Psalm of climate change

He turns rivers into a desert,

springs of water into thirsty ground,

a fruitful land into a salty waste,

because of the wickedness of its inhabitants.

He turns a desert into pools of water,

a parched land into springs of water.

And there he lets the hungry live,

and they establish a town to live in;

they sow fields, and plant vineyards,

and get a fruitful yield.

By his blessing they multiply greatly,

and he does not let their cattle decrease.

When they are diminished and brought low

through oppression, trouble, and sorrow,

he pours contempt on princes

and makes them wander in trackless wastes;

but he raises up the needy out of distress,

and makes their families like flocks.

The upright see it and are glad;

and all wickedness stops its mouth.

Let those who are wise give heed to these things,

and consider the steadfast love of the Lord. — Psalm 107:33-43

There are some Psalms I like better than others and 107 is one of those. I admit being more partial to the preceding verses, especially when it comes to the “They that go down to the sea in ships” (v. 23) part. Being from a place where there was a lot of salt water and also a lot of ships doing business and providing pleasure on those waters, it strikes a chord in me. Yet here is a passage that speaks to the me that is now a desert-dweller by necessity if not totally by choice.

There are deserts and there are deserts. There are the areas of desert where cacti and scrub vegetation are about all there is aside from rocks and dirt so hard it practically takes a jackhammer to get through it. Then there are areas where there is nothing but sand, often blown into shifting dunes. There are deserts where the temperatures can be literally like standing in a blast furnace and then there are some, like those in the Himalayas, where it so cold flesh can freeze almost instantly upon exposure. Usually, though, when someone says “desert” they mean a dry, arid place where not a lot grows and where there isn’t a lot of interest in more than a few moments of “Oh, ok, that’s a desert. Let’s get on to Las Vegas (or LA or anywhere else).” The thing that marks a desert, though, is water, specifically how much and where — and what happens to or is done with that water.

The psalmist puts the onus on the inhabitants of the land; if they are faithful, just and righteous, the land will be fruitful but if they aren’t, they will soon find themselves in the middle of a very inhospitable place. The needy will be cared for while those causing trouble will be made to pay for their iniquities. God will make sure of that.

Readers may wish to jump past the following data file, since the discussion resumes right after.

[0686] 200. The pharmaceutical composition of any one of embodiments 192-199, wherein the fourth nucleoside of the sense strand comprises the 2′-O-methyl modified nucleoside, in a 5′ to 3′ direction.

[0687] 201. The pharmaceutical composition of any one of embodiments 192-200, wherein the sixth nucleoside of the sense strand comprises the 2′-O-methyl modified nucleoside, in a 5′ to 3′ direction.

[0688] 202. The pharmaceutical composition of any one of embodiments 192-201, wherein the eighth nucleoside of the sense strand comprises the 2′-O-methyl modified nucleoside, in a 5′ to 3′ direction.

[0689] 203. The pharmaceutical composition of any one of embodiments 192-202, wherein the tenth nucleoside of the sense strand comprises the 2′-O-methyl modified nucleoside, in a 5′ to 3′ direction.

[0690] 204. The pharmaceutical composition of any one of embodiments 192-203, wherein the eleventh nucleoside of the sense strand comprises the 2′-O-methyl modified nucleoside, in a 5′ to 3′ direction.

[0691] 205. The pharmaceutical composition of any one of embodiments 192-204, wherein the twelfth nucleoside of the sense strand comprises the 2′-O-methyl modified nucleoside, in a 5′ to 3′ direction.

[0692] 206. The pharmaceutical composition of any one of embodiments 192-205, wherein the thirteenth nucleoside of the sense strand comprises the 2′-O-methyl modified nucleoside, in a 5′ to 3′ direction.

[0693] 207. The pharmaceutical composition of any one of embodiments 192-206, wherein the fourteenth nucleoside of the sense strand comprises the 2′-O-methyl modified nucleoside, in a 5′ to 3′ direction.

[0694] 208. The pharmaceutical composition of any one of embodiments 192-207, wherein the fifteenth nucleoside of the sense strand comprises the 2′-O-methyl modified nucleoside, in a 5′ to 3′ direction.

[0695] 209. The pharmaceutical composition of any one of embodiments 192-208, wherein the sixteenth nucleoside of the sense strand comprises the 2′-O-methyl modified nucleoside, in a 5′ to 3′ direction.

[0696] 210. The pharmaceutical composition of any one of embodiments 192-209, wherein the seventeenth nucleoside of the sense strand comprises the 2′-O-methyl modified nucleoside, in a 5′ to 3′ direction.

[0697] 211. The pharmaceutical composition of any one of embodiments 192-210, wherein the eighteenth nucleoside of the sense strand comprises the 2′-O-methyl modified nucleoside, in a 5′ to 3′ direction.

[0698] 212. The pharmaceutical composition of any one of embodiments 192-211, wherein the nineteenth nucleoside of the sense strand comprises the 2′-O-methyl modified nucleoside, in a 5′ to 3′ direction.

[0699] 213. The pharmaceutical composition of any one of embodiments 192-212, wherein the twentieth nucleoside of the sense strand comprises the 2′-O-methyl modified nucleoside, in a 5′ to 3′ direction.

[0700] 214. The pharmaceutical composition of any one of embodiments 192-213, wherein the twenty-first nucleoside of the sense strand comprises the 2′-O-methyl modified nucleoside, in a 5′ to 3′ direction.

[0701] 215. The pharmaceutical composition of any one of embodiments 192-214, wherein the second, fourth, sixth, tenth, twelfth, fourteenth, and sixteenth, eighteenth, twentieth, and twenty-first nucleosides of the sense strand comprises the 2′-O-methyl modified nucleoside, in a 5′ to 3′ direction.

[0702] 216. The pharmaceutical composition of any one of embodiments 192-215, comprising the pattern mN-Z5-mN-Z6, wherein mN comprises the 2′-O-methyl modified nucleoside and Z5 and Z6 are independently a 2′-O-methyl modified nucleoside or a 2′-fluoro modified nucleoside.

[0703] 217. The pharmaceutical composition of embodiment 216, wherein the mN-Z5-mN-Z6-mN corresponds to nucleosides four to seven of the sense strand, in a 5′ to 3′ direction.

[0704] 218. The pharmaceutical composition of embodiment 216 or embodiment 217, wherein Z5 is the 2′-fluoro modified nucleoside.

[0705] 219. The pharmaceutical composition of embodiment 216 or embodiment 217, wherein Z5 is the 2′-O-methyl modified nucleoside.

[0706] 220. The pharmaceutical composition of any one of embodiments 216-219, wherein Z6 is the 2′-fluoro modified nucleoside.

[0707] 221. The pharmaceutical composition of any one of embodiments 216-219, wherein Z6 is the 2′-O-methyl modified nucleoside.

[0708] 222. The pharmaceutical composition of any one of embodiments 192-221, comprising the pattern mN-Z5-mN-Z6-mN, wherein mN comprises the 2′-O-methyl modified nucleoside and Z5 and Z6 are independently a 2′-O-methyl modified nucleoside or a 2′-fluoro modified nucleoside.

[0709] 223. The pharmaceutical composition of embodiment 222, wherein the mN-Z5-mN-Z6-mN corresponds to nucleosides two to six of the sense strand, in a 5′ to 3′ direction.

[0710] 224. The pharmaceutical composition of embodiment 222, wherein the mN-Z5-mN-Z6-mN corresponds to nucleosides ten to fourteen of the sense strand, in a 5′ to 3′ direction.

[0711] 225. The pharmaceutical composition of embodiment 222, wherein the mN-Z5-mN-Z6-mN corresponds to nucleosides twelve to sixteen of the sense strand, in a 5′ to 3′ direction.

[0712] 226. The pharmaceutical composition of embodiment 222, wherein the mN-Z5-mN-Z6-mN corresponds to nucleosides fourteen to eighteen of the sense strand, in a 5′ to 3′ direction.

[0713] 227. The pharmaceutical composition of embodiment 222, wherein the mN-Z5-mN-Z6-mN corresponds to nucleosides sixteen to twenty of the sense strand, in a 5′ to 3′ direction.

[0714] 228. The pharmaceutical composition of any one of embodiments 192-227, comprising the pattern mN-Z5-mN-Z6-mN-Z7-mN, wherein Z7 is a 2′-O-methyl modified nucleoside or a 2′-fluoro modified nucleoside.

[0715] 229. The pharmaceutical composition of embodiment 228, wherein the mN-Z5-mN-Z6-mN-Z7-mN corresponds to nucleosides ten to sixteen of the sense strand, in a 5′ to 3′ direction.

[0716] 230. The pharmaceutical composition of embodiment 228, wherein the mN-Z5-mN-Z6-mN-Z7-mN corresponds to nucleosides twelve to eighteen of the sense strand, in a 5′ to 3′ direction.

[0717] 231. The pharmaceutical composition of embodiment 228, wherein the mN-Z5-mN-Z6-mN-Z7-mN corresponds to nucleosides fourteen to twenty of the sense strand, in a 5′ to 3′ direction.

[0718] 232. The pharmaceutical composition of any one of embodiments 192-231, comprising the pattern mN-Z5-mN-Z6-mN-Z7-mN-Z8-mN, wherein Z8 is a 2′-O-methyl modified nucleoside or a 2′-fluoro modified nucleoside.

It’s not too far a stretch to think of this passage in terms of global warming, whether or not one accepts that the actions of humanity can affect the land on which it lives and that what affects the land affects the climate. It’s a chain, one link gets forged, then another. Sin’s like that too. Commit one and it’s really easy to commit another to try to cover the first one. Greed is sin, and greed is at the bottom of a lot of the climactic changes we see happening around us. Yes, nature moves in cycles and we’re probably in one of those cycles right now, but we as humans have directly impacted the cycle by wasting and/or polluting water, pouring emissions into the air, and stripping the land bare and then walking off and leaving it to dry up, blow in the wind and become a wasteland. We are both the needy and the princes of the psalm. God has given us a land to care for and to nourish us, but we don’t always act as good stewards of that gift.

It isn’t just the physical environment that is subject to this kind of situation the Psalmist describes. Financially, emotionally, spiritually – we again are the needy and we are the princes. We want safety, freedom and justice for ourselves but we aren’t always that picky about what happens to other people. Jesus’ words of “Whatever you do to the least of my brothers and sisters, you do to me” seems to get left by the wayside when self-interest is at stake. Programs that benefit the rich are well-endowed and very carefully watched over while those that benefit the poor and needy are often stripped to bare bones if not eliminated entirely. The climate of greed has infected every part of our lives, whether we recognize it or not, and the result is a moral, emotional and often spiritual wasteland that benefits no one and no thing.

It’s not enough to say that suffering in this life brings its own crown in the next. The poor and needy shouldn’t have to wait for the next life to be safe, fed, clothed, housed, educated and cared for. The princes shouldn’t be so busy accumulating and trying to win by being the one who dies with the most toys or money or possessions that they forget that once their own family was very possibly one of those which had to scrimp, save and scrabble for every bit of sustenance they could get. And, as George Santayana put it, “Those who cannot remember the past are doomed to repeat it.” How many times do we have to repeat past mistakes, wrongdoings and sins before we learn?

Sometimes the Psalmist hits on things that are repeated elsewhere but which don’t always strike home for me like this reading did. It makes me question what I’m doing to compound the problem and what I’m doing to resolve the problem. I already live in a desert, even though “made over” to make it more habitable. Under the thin layer of grass and concrete, though, it is still a desert, just biding its time and waiting for enough mistakes to pile up before reasserting its authority and its own form of judgment.

And God’s hand is on it.

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